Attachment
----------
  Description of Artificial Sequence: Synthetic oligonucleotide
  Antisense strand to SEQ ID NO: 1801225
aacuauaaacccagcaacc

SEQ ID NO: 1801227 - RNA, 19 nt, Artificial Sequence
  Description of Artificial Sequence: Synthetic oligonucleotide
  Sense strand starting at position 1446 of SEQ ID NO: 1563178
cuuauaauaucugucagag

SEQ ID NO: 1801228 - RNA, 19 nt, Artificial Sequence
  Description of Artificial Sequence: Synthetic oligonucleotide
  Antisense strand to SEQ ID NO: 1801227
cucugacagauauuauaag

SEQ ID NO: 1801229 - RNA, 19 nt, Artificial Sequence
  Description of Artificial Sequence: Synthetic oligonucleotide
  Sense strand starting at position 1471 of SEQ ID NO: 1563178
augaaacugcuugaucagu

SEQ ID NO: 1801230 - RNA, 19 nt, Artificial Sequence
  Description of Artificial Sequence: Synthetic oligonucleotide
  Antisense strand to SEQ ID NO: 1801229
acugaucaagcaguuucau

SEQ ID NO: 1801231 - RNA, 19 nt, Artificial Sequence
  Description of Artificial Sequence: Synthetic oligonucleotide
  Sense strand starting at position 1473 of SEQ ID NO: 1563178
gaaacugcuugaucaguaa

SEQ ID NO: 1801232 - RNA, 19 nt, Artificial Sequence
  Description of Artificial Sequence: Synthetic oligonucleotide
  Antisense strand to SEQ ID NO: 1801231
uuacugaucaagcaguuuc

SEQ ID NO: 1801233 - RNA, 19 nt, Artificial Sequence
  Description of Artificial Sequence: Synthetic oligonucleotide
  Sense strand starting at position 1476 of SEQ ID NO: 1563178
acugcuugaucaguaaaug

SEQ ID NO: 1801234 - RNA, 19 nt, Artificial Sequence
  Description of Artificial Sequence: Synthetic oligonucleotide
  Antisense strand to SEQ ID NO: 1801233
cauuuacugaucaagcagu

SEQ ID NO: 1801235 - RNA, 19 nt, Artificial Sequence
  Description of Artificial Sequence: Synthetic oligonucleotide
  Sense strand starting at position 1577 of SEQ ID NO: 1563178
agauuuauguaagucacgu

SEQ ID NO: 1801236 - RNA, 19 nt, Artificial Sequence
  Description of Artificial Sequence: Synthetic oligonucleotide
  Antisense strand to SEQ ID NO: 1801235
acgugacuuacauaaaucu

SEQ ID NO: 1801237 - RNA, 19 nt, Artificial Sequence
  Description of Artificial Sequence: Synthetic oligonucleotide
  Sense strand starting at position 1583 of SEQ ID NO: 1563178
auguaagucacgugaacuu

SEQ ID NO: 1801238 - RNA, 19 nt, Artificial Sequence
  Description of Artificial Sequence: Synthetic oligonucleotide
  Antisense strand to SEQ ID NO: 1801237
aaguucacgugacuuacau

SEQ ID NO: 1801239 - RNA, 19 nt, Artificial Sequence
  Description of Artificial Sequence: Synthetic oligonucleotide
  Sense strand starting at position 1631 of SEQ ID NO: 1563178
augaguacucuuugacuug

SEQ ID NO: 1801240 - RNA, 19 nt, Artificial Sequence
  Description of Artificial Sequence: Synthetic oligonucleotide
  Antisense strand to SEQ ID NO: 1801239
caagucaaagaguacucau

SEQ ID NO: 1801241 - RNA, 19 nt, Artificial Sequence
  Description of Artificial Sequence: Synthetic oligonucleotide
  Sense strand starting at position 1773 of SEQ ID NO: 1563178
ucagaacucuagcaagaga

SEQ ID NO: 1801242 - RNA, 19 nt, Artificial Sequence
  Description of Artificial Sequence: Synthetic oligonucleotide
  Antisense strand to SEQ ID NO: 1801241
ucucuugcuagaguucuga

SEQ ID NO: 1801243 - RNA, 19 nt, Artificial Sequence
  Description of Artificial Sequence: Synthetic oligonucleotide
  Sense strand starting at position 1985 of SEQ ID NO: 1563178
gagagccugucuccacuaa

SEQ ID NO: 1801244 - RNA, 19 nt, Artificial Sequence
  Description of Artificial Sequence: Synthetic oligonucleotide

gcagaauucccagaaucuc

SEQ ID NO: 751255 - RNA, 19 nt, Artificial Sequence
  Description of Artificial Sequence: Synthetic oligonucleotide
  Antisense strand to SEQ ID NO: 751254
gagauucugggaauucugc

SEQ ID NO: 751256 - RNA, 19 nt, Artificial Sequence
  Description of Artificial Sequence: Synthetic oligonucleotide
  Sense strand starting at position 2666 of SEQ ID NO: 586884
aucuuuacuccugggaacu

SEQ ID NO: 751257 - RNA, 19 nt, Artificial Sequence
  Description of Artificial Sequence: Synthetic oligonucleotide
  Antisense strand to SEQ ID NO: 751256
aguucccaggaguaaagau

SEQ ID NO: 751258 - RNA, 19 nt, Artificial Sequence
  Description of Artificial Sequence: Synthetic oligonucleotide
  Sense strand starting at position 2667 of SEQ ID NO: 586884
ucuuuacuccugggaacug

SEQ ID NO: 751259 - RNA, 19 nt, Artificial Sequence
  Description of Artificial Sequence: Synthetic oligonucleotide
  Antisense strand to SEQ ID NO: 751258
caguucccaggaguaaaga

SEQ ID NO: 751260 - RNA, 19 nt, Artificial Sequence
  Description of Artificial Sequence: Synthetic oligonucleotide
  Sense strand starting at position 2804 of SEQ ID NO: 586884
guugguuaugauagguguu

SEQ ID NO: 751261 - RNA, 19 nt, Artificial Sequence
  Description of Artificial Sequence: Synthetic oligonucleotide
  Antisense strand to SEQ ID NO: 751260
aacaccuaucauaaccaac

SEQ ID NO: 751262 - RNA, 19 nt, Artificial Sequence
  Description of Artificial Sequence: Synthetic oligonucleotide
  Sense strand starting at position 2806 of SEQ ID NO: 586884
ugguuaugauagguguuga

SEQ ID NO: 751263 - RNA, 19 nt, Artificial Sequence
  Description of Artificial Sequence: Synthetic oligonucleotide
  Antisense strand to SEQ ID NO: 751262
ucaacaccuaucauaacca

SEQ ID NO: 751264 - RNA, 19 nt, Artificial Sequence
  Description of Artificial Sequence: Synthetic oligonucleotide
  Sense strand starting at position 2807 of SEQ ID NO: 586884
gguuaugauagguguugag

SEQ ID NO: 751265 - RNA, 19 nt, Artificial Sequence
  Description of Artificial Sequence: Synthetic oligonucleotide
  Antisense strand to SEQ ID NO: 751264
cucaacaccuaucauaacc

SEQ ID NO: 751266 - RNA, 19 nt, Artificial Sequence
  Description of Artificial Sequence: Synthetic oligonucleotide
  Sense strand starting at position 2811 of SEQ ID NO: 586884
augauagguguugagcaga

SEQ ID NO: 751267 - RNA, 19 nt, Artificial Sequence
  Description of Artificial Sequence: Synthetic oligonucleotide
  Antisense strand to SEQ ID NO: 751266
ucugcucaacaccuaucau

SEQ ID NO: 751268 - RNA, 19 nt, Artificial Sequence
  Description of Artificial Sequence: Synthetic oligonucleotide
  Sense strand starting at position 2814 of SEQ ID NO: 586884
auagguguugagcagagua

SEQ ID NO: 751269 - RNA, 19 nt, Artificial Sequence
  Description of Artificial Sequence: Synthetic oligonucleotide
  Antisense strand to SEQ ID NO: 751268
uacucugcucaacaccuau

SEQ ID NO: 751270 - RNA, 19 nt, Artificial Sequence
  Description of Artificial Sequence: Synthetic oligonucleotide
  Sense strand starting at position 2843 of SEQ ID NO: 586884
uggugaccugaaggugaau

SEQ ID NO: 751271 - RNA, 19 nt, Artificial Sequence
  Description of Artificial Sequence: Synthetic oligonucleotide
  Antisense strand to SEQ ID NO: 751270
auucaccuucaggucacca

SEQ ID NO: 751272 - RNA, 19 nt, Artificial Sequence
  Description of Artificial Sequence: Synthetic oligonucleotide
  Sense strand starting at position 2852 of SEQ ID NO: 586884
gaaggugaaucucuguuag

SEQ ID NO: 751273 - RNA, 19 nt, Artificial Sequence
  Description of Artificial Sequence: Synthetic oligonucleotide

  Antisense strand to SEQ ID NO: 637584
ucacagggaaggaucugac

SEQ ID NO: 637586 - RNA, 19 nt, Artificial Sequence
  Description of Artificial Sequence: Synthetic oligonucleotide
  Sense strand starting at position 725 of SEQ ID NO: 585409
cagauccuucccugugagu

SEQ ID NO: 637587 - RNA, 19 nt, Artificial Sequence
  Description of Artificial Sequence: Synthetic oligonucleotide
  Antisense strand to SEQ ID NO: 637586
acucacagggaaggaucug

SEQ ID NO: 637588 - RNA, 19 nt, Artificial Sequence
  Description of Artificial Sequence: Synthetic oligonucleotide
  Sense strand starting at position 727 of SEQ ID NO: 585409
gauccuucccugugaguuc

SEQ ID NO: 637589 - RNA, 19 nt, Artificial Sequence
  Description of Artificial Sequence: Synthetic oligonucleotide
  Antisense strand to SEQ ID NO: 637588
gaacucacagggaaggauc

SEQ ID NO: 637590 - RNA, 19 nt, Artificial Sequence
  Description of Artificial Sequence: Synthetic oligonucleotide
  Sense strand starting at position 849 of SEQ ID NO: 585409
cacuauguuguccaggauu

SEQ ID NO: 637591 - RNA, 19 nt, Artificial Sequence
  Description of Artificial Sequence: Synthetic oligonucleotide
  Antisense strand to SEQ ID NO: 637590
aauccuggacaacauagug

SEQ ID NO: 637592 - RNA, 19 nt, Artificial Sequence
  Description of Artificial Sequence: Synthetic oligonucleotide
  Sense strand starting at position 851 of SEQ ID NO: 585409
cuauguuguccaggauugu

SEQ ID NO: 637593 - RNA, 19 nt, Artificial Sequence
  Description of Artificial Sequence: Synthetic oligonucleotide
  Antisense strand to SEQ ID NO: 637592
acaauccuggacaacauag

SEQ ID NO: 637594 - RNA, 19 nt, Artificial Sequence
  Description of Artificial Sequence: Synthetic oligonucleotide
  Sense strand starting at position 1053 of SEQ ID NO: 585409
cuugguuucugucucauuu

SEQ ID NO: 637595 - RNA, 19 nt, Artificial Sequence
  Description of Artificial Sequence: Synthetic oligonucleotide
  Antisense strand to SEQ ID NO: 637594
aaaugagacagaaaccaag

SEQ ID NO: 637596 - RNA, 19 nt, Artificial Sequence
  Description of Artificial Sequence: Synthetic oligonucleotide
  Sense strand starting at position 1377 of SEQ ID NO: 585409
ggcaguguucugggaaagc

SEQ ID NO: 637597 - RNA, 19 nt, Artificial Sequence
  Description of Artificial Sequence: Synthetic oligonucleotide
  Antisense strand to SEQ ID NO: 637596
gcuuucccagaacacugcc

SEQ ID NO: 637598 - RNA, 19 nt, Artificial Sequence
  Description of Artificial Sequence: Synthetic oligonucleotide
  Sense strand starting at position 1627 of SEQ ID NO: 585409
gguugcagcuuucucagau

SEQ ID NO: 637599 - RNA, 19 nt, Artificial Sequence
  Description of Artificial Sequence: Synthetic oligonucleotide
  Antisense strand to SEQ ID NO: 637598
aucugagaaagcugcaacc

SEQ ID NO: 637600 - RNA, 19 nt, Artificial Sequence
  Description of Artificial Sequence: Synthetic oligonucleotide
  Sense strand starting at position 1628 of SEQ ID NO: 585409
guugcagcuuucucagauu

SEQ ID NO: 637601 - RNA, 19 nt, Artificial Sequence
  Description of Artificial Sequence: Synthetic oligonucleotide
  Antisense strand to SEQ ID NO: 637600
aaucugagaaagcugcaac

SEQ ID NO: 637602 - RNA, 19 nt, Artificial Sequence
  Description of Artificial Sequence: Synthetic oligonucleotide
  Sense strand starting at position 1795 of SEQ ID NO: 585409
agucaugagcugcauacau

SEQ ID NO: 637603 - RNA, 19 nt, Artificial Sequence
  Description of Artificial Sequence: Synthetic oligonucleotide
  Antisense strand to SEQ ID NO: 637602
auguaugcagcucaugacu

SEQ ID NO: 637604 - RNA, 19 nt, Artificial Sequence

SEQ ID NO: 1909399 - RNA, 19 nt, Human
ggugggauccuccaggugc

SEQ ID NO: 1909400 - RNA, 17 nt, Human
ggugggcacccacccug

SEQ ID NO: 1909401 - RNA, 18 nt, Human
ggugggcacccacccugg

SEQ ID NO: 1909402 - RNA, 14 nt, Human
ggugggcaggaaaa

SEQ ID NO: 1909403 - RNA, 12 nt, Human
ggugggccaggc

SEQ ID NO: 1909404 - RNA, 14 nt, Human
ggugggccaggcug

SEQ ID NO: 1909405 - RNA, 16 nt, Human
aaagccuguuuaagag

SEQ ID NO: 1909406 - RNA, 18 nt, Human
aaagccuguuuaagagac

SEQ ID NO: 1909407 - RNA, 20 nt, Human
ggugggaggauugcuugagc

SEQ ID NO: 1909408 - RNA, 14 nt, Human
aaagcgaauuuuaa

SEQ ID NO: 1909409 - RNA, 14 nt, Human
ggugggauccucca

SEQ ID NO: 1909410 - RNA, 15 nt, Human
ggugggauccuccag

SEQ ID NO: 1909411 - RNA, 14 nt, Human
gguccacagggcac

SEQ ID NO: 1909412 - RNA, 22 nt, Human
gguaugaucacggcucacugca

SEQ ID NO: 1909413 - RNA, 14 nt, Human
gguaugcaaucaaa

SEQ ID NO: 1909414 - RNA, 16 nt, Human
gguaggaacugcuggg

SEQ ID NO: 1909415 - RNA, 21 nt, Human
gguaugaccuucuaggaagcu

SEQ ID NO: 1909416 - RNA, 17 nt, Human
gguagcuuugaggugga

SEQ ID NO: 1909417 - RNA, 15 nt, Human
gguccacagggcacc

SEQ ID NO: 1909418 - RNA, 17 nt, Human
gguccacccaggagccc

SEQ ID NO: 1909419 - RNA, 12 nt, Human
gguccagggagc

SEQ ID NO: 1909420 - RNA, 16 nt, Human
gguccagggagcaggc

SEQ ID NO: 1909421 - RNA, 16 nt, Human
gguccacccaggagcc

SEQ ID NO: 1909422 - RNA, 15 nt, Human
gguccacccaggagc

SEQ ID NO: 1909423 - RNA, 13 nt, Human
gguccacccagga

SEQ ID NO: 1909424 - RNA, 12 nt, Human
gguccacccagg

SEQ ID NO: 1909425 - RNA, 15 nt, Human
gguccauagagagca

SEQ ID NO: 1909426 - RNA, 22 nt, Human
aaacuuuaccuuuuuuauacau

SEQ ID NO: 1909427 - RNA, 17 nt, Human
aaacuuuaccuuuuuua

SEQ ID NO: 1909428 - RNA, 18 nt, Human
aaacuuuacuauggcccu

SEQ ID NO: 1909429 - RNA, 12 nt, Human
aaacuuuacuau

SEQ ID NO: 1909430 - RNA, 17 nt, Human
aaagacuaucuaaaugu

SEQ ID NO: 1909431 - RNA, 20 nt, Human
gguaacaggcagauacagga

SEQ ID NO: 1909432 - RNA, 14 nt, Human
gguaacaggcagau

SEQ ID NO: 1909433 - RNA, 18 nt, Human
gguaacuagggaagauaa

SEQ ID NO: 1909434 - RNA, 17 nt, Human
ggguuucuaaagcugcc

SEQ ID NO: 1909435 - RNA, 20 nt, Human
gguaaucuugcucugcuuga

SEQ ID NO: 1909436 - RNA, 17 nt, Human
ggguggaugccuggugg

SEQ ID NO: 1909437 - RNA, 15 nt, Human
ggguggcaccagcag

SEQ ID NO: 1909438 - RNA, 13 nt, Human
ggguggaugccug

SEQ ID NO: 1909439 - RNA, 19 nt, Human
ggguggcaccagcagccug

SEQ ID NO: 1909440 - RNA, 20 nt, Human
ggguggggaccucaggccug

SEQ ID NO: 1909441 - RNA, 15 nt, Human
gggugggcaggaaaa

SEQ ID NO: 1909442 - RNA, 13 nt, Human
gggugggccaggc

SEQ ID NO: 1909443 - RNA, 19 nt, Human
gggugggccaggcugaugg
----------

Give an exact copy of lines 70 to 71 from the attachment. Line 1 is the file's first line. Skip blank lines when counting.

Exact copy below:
  Sense strand starting at position 1985 of SEQ ID NO: 1563178
gagagccugucuccacuaa